The Martin Luther School Concert Choir of Queens, New York, has had its share of the spotlight in the past couple of years: two performances at Citi Field during New York Mets baseball games; a TV appearance on Good Day New York; participation in the Bronx Zoo’s “Sing! For Wildlife” competition; an appearance at a New York Islanders hockey game; and numerous school and community concerts. Not bad for a school choir of only 18 singers, especially when you consider that a mere two years ago they seldom performed outside the school. How did they get so good? And so popular? Katie Chan Chee, their choir director.
From the moment she arrived four years ago, it was clear to Chan Chee that her students needed to be challenged, not only to be better singers but, more importantly, to believe in themselves. “Many of my kids come from tough situations, and they need something positive in their lives,” she says. They have found it in choir.
“Our wonderful administration has long valued the arts as necessary to developing well-rounded individuals, so every student has to be in chorus or band as well as art,” Chan Chee says. “Most of our kids are beginners, because they come from elementary and middle schools whose music programs have been cut,” she explains. “It’s a huge challenge to get them up to speed,” which makes their participation in the 2012 World Choir Games all the more impressive.
Two summers ago, Chan Chee saw the BBC TV series, The Choir, about a dedicated teacher who turns a group of disinterested kids into a top-notch choir so they can participate in the 2006 World Choir Games in China. “When I found out that the 2012 World Choir Games were going to be in the United States, I knew this was our one chance to go,” she says. Martin Luther High School Principal Elizabeth Crowe agreed it was a great idea, then told Chan Chee she better start fund-raising.
When Chan Chee told her concert choir students that she wanted to take them to the World Choir Games in Cincinnati, she vividly recalls their reaction: “They were so excited that you would have thought I was taking them to the moon.”
Seventeen-year-old Joanna Garcia thinks it will be a social studies lesson come to life: “The best part for me will be seeing all the different cultures coming together in one place,” she says. “I know it’s going to be amazing.”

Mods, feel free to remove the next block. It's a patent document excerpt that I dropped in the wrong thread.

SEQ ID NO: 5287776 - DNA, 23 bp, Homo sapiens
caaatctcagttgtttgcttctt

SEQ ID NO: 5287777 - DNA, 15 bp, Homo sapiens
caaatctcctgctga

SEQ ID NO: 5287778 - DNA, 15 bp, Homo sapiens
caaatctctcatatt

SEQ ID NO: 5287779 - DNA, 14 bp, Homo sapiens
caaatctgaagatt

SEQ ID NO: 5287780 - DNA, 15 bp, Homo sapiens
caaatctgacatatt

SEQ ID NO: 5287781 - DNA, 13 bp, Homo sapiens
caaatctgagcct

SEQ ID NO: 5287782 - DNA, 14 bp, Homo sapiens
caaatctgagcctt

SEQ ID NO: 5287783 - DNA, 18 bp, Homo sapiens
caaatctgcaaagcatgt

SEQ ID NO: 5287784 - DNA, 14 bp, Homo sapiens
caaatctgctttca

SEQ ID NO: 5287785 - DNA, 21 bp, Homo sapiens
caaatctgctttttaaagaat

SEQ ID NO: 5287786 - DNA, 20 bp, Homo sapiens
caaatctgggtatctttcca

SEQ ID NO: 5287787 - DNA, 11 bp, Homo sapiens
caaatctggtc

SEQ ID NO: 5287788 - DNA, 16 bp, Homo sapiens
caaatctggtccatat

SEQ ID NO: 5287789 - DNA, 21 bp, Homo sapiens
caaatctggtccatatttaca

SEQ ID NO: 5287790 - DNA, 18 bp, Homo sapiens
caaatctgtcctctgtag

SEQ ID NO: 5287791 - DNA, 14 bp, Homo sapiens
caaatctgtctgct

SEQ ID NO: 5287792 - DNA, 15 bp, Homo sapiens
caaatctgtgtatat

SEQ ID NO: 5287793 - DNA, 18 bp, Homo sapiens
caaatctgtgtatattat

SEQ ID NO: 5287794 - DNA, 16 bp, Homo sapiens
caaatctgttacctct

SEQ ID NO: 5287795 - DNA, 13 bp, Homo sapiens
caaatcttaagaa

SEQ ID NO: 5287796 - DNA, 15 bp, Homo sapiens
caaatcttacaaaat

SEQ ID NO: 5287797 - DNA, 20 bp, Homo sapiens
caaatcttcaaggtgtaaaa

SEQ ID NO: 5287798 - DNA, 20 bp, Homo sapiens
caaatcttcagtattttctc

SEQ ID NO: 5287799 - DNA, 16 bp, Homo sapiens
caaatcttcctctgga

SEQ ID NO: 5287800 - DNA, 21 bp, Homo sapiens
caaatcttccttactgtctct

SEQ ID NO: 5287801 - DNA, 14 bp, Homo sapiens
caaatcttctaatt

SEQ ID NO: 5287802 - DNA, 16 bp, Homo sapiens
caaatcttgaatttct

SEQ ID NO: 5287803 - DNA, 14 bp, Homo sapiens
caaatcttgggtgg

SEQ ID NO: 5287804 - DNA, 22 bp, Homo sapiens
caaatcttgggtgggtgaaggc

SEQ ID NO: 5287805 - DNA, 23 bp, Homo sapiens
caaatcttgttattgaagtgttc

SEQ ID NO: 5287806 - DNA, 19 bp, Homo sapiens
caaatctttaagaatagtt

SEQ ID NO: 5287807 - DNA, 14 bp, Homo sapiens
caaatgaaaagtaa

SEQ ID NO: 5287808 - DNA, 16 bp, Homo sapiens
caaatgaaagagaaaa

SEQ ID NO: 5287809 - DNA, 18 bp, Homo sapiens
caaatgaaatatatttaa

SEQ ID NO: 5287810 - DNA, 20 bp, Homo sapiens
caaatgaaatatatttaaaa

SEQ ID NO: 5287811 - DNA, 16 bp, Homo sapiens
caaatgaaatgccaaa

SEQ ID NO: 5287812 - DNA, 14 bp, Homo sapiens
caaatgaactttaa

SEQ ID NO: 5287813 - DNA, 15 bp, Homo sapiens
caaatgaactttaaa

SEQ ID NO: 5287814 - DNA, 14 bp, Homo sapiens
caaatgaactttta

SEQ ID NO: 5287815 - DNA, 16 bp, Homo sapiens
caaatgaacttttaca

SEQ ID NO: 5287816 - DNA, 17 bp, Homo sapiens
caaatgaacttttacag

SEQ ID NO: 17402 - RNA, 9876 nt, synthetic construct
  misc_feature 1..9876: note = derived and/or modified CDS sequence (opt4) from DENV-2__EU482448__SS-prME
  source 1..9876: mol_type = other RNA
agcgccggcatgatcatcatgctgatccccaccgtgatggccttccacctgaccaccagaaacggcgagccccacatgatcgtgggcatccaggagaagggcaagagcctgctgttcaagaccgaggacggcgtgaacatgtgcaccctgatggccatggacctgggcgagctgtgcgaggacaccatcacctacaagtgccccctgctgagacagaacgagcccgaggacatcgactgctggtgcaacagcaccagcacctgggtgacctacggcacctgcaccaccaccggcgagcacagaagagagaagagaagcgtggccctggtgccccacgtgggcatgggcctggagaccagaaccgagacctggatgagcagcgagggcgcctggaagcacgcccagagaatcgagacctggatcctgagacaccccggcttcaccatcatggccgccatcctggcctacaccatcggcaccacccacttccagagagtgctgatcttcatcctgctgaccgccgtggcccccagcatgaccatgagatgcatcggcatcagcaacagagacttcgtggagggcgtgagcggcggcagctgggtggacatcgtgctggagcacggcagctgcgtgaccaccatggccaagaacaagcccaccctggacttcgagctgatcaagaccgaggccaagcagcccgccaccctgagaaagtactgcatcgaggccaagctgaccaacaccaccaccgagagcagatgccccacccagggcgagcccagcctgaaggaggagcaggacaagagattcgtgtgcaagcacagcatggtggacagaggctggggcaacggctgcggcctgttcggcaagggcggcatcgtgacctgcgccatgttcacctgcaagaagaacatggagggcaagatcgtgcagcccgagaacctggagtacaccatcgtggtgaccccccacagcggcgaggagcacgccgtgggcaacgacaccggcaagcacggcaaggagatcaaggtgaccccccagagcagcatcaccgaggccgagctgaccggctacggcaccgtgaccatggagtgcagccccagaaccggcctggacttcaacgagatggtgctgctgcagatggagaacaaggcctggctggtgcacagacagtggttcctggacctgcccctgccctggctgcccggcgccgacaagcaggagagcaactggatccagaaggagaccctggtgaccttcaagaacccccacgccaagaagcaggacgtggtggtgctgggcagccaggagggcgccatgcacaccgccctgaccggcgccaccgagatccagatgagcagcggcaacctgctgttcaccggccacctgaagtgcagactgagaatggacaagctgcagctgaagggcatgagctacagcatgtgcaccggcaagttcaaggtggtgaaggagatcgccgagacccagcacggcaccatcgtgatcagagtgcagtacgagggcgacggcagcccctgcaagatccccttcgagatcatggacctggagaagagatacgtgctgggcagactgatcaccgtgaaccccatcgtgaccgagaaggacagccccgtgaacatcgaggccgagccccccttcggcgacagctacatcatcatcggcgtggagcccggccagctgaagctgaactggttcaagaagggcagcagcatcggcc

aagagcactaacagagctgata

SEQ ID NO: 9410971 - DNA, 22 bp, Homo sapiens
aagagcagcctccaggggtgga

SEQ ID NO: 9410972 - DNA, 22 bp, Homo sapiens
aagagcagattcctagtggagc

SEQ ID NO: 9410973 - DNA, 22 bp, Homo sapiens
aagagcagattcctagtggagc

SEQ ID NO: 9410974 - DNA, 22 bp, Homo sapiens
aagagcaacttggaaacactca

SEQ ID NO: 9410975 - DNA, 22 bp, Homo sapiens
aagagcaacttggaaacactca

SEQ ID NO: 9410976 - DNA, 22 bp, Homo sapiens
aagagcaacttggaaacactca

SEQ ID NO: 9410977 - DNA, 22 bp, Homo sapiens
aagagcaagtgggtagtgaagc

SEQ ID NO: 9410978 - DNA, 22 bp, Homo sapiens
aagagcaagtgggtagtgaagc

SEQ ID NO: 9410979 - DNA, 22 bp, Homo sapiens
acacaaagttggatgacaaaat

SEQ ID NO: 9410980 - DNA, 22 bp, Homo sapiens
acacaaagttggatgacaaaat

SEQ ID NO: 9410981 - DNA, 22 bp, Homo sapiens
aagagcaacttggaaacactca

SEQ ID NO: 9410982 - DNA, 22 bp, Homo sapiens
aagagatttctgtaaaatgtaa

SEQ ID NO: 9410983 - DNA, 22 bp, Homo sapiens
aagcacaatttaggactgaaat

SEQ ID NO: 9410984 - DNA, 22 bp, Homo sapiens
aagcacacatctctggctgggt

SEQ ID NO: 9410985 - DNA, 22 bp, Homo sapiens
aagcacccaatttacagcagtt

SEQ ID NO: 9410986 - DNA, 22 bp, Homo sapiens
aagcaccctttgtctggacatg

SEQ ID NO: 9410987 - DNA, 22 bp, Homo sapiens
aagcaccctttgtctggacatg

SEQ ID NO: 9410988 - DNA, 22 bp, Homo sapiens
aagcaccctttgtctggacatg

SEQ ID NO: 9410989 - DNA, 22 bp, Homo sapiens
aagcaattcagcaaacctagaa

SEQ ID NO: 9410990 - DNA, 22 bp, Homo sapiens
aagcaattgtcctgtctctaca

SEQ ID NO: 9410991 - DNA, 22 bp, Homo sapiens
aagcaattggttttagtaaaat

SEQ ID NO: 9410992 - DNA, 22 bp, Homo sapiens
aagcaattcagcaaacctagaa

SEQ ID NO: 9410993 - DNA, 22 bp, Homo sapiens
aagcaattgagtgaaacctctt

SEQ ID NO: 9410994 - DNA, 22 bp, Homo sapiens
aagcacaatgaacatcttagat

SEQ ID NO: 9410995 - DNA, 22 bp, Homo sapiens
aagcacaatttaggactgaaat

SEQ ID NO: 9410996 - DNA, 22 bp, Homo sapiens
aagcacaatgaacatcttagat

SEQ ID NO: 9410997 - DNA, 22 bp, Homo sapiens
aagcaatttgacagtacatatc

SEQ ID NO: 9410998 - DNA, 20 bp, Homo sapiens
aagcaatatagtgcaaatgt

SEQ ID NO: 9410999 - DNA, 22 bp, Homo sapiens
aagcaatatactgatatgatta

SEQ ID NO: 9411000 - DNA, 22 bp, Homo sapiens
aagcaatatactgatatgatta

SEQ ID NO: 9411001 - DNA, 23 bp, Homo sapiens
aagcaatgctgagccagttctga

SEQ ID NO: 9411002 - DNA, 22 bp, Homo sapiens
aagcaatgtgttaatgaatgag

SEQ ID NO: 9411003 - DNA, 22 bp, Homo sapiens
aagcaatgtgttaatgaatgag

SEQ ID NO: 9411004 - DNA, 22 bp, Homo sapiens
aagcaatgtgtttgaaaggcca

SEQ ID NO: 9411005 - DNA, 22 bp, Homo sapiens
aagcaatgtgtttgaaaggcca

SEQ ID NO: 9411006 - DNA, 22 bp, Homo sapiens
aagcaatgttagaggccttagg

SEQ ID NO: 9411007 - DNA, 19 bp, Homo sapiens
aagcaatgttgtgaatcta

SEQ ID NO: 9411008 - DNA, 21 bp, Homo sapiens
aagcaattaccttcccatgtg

Chan Chee knows the value of such an experience. As a music major at Valparaiso University in Indiana, she toured with the college choir every spring, traveling throughout the country on a bus. “We still talk about those choir tours, and the great times we had,” she says, laughing. She also knows firsthand the hard work it takes.
“The kids this year aren’t any more talented than the students I’ve had before, but they are so motivated,” she says. “They have just improved by leaps and bounds, because they know what a big opportunity this is for them.”
There’s also another reason behind their determination and dedication. They don’t want to disappoint Chan Chee. “They’ve had to take on more responsibility themselves for learning the music,” she says. That’s because Chan Chee had to deliver some difficult news last fall as they began to rehearse in earnest for the upcoming World Choir Games. She told them that she had breast cancer and had started chemotherapy treatments a couple of weeks before school started.
“It was very emotional for them, but I’ve been honest with them throughout the school year,” she says. “If I had to leave early for a treatment, they would rehearse even when I wasn’t there. It was such a beautiful and meaningful thing to me that they would do that.” Chan Chee created digital recordings of each part and posted them on the school website so they could learn their parts and practice at home. At school several students emerged as leaders when Chan Chee was absent. Seventeen-year-old Krystal Contreras, who had been in choir the longest, became the group’s de facto director.
“Mrs. Chan Chee has done so much for me and is helping me with my goal to become a musical therapist,” Contreras says. “We all wanted to do our best to make her happy and help her not to stress out.”
Sharif Jenkins, 17, also stepped up to the plate: “Krystal and I have some of the more experienced voices in the choir, so we felt we needed to help and would lead the choir in warm-ups at rehearsals.”
“God sent me the right kids at the right time,” Chan Chee says. She’s also convinced that her cancer has been a valuable life lesson for her students. “They saw somebody who was sick and didn’t feel good some days, but who kept going and who isn’t going to die.”
Chances are, thoughts of all the highs and lows of the last year will be on everyone’s mind when the Martin Luther School Concert Choir, who will perform in the Mixed Youth Choir category at the World Choir Games, takes the stage to sing one of its favorites, “Somewhere Over the Rainbow.”
Chan Chee’s own dreams for the kids are bound up in what they will take away from the Games. “I hope they will have an understanding of how we created something beautiful by working together,” she says. “I know they are in for an experience they will remember the rest of their lives.”